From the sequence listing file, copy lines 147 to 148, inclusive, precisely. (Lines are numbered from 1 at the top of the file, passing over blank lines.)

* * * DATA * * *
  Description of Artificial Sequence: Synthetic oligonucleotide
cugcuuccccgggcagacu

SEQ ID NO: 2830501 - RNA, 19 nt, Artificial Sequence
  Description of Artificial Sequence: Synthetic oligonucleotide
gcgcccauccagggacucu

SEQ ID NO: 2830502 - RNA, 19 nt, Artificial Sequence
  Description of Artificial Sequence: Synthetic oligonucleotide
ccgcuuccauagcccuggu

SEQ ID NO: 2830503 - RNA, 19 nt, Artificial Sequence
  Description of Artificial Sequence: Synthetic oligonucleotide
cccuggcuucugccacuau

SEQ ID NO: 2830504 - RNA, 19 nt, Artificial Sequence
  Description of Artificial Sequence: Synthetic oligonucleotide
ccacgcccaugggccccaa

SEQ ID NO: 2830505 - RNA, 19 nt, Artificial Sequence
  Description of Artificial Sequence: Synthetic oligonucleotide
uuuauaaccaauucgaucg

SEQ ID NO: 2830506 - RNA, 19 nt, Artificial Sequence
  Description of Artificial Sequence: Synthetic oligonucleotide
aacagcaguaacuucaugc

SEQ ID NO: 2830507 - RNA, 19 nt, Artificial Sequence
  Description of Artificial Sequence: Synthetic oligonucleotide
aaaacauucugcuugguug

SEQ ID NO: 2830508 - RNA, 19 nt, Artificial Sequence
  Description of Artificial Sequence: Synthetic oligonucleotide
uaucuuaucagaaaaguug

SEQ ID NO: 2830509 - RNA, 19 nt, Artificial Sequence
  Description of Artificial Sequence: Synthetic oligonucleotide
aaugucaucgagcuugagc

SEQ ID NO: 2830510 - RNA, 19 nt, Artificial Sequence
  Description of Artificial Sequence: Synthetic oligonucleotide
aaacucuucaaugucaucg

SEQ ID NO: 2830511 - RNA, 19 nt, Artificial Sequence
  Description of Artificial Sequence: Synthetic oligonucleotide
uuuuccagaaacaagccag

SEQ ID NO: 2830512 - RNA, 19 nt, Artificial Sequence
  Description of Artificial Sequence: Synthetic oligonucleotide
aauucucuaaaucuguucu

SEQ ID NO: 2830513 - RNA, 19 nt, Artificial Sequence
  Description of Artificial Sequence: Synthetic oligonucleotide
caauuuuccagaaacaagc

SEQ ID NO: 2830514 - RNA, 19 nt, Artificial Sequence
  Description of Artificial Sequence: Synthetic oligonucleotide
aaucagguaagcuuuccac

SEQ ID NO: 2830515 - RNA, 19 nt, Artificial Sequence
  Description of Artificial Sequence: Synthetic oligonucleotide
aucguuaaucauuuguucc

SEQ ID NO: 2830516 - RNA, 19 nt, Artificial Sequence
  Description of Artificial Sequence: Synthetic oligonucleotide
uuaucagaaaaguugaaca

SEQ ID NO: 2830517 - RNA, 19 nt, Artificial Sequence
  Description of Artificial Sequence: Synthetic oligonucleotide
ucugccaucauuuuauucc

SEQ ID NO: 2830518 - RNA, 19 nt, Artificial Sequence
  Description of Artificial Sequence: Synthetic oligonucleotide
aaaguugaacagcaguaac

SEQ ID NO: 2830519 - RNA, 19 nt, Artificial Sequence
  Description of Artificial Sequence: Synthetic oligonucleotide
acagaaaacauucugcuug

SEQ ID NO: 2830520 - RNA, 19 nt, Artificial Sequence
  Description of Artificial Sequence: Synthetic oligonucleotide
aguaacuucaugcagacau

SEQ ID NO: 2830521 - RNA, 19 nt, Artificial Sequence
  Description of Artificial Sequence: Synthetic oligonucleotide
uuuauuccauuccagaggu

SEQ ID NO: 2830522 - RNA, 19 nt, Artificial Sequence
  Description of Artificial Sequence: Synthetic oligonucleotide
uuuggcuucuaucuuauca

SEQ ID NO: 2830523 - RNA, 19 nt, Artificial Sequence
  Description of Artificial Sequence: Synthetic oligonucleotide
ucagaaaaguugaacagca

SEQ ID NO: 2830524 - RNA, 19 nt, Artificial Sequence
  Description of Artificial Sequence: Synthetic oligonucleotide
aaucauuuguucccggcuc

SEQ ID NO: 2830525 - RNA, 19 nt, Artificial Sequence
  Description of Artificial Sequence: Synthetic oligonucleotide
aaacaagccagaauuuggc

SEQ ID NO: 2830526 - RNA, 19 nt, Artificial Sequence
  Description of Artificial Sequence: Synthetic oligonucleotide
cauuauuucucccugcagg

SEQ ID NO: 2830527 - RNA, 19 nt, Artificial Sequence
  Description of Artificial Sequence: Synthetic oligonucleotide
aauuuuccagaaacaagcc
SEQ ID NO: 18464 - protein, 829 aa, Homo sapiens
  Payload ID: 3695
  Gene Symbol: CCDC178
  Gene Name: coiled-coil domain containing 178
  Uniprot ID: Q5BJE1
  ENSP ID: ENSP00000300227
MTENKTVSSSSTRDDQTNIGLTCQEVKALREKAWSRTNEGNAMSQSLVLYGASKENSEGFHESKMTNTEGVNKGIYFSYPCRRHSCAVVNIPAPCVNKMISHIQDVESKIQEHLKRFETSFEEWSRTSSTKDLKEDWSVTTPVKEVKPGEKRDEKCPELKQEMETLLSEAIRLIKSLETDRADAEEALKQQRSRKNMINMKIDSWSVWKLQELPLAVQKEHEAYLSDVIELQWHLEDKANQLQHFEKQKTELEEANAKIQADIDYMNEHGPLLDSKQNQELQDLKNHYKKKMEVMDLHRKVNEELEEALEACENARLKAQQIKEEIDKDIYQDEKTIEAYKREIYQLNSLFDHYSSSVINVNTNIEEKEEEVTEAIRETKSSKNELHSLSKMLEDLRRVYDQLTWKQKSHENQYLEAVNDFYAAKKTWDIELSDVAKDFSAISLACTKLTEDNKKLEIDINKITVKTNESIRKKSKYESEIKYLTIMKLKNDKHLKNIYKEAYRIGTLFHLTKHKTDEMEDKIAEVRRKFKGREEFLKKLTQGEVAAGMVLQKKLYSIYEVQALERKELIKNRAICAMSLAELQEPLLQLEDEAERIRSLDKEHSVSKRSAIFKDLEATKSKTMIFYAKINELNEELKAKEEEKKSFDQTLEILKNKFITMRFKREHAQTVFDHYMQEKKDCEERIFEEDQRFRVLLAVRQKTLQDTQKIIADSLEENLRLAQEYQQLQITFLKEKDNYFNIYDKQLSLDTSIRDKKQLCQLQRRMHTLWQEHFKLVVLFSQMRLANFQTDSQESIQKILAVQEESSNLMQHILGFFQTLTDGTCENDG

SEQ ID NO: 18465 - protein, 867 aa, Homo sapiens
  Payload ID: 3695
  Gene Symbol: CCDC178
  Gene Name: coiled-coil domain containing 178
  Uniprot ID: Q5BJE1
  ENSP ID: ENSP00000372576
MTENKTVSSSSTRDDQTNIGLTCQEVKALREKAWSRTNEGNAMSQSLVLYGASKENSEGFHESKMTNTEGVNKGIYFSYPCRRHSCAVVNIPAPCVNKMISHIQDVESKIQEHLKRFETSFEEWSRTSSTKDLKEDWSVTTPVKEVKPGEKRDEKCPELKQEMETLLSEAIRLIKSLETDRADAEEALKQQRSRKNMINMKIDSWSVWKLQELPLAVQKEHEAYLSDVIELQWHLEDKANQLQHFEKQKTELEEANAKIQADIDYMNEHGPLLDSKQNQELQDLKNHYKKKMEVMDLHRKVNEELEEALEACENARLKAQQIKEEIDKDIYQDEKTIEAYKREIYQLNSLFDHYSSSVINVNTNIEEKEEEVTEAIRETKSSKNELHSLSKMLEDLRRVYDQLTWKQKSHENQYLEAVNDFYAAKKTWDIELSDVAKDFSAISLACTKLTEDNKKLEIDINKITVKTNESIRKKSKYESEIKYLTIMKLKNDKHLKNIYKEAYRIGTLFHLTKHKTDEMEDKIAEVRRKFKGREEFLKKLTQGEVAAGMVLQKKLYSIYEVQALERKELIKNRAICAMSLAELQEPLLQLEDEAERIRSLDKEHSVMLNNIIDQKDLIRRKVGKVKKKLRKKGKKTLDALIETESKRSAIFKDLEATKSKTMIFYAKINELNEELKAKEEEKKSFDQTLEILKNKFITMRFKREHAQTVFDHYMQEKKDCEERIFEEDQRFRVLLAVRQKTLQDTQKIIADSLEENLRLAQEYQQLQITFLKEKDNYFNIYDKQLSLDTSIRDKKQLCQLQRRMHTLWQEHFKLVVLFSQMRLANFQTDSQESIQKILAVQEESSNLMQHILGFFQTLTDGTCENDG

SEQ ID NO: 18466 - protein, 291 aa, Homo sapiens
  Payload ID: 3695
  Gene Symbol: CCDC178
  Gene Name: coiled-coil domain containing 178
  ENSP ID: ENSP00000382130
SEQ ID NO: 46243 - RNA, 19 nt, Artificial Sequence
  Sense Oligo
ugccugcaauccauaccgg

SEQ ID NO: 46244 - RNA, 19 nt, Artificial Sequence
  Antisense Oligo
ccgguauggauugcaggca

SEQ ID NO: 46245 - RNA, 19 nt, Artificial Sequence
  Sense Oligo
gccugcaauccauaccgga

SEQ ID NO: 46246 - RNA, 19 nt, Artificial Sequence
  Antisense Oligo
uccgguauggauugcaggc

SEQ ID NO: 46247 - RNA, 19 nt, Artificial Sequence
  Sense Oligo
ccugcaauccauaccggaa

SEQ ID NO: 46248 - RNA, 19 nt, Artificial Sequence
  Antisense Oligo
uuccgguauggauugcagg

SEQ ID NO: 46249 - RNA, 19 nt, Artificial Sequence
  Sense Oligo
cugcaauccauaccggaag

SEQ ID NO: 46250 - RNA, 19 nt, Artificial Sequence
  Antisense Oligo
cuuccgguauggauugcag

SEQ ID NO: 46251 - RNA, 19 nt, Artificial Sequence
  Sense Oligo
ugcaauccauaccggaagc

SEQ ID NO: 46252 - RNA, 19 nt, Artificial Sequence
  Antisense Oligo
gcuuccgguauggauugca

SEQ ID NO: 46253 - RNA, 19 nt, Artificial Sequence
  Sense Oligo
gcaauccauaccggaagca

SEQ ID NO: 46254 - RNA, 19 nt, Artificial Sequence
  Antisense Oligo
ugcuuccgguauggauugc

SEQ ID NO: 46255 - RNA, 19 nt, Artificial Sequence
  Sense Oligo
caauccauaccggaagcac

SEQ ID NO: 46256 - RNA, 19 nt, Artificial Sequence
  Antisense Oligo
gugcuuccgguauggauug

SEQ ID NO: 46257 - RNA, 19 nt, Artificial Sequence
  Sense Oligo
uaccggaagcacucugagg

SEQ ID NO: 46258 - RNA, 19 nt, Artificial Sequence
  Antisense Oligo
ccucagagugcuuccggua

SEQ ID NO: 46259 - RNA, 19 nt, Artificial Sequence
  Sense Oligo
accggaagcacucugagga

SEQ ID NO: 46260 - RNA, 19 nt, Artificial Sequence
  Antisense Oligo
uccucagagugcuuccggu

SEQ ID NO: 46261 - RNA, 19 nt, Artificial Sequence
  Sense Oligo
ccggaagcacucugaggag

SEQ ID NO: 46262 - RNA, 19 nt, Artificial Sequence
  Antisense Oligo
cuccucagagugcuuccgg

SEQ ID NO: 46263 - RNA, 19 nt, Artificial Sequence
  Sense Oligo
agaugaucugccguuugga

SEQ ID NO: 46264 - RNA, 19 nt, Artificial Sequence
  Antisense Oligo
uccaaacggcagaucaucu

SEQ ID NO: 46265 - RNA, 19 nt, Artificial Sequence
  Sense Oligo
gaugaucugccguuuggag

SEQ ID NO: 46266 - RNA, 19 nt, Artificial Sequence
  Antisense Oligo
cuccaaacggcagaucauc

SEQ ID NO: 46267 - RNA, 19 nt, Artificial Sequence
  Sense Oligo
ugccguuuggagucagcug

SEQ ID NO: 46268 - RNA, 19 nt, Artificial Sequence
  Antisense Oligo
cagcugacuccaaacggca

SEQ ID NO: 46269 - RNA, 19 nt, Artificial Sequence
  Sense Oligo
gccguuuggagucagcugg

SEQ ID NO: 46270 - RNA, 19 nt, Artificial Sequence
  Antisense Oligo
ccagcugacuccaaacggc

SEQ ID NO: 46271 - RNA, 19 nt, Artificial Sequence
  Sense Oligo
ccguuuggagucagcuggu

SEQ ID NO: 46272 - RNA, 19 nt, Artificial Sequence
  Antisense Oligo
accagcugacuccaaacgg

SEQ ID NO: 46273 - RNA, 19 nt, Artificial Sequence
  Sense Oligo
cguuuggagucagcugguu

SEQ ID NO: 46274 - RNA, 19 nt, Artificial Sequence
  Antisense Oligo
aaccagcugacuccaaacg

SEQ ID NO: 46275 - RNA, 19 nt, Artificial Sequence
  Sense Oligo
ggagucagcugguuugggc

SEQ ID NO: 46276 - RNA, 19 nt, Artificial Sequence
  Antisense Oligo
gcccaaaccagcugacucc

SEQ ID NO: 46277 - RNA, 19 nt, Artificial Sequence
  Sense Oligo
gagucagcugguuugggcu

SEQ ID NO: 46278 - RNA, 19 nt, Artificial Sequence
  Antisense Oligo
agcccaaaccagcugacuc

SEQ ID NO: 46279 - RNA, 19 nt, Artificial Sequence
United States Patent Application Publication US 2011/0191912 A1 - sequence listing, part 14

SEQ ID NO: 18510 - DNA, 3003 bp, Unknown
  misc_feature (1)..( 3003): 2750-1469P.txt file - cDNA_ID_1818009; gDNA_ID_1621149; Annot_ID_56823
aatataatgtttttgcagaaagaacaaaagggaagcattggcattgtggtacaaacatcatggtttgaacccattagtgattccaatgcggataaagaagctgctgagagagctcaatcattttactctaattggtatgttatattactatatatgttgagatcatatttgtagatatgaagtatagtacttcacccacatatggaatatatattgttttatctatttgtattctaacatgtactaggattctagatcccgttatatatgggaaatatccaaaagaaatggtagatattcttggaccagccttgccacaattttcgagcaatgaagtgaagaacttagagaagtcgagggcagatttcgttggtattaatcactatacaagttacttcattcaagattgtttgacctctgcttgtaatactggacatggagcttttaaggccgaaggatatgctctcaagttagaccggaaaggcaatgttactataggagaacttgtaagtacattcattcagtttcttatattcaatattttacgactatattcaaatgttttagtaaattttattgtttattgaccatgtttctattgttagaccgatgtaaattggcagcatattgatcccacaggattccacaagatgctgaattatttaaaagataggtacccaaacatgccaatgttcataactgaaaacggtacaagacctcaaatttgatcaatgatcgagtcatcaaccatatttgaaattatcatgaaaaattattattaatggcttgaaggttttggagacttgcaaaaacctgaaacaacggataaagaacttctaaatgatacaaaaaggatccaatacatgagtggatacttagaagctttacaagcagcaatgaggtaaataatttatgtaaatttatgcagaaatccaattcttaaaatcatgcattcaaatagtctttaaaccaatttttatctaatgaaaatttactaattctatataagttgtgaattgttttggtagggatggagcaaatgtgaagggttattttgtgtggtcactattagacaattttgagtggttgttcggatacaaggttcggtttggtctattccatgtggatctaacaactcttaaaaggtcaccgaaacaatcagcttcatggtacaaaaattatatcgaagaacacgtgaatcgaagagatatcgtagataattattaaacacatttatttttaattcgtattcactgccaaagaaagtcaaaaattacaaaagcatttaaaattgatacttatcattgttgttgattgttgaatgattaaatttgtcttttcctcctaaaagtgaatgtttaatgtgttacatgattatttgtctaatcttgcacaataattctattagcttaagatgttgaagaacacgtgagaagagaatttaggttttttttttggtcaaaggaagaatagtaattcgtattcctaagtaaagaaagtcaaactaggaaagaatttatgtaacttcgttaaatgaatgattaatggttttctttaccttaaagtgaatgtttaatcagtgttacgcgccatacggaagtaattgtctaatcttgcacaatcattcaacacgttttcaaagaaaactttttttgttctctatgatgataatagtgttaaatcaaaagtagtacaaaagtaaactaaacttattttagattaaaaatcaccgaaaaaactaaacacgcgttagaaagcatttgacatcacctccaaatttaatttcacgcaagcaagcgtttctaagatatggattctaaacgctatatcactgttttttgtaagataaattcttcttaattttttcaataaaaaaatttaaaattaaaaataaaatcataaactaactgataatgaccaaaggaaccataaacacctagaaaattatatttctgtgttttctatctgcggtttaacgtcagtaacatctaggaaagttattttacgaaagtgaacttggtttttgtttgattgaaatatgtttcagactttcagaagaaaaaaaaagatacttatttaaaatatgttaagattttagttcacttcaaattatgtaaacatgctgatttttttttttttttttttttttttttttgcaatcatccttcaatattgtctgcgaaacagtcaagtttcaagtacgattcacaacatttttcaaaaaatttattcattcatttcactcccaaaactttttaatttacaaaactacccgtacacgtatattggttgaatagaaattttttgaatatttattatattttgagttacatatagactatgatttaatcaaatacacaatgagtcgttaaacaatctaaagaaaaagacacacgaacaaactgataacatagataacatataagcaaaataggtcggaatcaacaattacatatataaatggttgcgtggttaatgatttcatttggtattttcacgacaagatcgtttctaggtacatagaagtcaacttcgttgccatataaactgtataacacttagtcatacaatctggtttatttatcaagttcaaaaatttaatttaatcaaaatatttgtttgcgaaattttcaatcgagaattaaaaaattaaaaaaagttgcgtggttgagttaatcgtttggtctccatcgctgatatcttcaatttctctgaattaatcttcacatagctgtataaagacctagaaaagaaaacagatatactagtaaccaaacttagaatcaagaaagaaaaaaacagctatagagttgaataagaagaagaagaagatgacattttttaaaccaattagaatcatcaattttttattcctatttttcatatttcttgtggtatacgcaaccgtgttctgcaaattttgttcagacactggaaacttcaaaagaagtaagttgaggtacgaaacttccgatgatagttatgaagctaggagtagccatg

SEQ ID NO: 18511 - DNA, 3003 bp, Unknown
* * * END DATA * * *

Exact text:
uaccggaagcacucugagg

SEQ ID NO: 46258 - RNA, 19 nt, Artificial Sequence